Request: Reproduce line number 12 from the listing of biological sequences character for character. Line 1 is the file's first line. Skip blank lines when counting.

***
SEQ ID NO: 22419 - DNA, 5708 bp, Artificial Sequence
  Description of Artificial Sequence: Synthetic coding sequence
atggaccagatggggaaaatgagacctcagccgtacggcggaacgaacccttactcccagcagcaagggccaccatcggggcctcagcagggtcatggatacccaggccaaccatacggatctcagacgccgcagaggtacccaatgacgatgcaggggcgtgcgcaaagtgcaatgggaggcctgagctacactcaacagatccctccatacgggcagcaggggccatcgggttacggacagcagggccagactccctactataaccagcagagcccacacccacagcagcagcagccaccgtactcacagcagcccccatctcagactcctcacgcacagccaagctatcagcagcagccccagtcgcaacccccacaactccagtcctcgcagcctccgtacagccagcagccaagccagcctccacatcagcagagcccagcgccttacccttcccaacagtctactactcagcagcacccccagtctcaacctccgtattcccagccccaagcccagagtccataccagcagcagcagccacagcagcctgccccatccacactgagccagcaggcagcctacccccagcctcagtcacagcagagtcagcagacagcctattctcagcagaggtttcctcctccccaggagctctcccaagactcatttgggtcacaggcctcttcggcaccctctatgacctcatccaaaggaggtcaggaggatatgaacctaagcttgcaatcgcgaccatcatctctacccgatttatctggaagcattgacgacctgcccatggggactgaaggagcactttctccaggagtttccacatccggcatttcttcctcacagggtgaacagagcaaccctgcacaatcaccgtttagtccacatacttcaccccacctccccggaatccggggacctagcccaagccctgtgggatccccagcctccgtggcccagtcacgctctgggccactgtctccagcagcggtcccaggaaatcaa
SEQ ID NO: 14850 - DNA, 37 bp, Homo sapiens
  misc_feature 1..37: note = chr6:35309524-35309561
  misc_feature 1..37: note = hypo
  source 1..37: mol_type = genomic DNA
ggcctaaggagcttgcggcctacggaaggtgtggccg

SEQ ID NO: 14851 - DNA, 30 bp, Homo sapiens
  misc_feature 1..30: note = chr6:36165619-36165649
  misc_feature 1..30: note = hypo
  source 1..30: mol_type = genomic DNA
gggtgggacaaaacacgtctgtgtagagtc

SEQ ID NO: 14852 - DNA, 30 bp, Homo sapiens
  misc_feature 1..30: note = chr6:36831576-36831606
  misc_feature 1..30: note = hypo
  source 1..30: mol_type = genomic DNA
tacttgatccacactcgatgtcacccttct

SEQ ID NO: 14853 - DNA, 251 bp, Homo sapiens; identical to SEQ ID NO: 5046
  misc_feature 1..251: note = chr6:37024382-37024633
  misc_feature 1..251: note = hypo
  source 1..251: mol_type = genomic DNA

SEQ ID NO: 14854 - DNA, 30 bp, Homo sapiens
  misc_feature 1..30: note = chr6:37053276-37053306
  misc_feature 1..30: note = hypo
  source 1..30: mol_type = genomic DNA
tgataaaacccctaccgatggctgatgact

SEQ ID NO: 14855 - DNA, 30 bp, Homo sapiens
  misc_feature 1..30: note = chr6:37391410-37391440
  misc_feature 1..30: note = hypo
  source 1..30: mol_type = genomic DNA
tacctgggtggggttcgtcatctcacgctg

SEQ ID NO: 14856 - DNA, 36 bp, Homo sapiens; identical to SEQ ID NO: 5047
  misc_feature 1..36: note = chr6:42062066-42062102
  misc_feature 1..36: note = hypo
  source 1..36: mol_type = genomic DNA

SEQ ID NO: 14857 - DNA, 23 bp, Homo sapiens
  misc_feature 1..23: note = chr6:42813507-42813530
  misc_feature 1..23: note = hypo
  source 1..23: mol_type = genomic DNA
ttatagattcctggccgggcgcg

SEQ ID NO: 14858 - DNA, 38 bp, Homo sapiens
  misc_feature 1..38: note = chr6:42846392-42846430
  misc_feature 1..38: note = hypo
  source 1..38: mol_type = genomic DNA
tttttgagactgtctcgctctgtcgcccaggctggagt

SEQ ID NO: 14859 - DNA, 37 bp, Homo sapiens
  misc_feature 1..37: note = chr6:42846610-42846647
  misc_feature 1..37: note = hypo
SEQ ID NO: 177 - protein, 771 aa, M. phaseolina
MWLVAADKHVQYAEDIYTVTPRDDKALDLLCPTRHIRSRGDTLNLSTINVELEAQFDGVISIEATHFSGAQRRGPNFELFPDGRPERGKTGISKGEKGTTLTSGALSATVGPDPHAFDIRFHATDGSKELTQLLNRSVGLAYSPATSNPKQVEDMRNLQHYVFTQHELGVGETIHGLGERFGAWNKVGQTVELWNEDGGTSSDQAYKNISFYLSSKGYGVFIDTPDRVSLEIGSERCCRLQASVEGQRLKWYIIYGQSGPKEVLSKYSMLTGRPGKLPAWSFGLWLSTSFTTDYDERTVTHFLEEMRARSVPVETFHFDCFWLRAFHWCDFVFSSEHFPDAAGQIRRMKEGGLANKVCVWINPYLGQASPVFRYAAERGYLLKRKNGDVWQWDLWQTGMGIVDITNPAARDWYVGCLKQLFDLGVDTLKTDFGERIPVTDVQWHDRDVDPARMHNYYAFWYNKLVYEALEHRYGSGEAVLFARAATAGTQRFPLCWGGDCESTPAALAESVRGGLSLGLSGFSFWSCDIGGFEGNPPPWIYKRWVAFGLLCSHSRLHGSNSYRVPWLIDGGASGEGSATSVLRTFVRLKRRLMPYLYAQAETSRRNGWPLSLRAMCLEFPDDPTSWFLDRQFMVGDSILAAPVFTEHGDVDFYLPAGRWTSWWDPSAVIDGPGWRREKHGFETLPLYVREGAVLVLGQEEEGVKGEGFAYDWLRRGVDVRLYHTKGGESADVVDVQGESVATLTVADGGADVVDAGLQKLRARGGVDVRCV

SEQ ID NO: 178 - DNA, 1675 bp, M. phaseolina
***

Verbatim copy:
  source 1..30: mol_type = genomic DNA